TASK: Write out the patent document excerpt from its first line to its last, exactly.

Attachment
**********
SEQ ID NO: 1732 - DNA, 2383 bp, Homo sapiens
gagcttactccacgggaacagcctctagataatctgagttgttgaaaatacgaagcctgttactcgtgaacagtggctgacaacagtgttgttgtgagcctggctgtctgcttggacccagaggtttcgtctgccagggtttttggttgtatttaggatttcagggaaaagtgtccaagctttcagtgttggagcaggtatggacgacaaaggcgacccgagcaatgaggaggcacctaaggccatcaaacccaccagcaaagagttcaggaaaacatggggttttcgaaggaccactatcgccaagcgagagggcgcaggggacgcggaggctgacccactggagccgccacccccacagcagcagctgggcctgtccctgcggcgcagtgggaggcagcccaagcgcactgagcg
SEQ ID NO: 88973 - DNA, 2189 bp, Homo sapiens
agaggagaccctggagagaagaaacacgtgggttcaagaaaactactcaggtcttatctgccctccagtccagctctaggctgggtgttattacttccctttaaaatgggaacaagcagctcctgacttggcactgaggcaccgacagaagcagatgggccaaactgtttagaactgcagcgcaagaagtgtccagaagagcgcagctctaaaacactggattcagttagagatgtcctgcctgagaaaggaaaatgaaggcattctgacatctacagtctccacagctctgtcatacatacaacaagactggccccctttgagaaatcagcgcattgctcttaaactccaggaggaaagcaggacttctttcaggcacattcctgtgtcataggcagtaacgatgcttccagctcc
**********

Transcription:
SEQ ID NO: 1732 - DNA, 2383 bp, Homo sapiens
gagcttactccacgggaacagcctctagataatctgagttgttgaaaatacgaagcctgttactcgtgaacagtggctgacaacagtgttgttgtgagcctggctgtctgcttggacccagaggtttcgtctgccagggtttttggttgtatttaggatttcagggaaaagtgtccaagctttcagtgttggagcaggtatggacgacaaaggcgacccgagcaatgaggaggcacctaaggccatcaaacccaccagcaaagagttcaggaaaacatggggttttcgaaggaccactatcgccaagcgagagggcgcaggggacgcggaggctgacccactggagccgccacccccacagcagcagctgggcctgtccctgcggcgcagtgggaggcagcccaagcgcactgagcg
SEQ ID NO: 88973 - DNA, 2189 bp, Homo sapiens
agaggagaccctggagagaagaaacacgtgggttcaagaaaactactcaggtcttatctgccctccagtccagctctaggctgggtgttattacttccctttaaaatgggaacaagcagctcctgacttggcactgaggcaccgacagaagcagatgggccaaactgtttagaactgcagcgcaagaagtgtccagaagagcgcagctctaaaacactggattcagttagagatgtcctgcctgagaaaggaaaatgaaggcattctgacatctacagtctccacagctctgtcatacatacaacaagactggccccctttgagaaatcagcgcattgctcttaaactccaggaggaaagcaggacttctttcaggcacattcctgtgtcataggcagtaacgatgcttccagctcc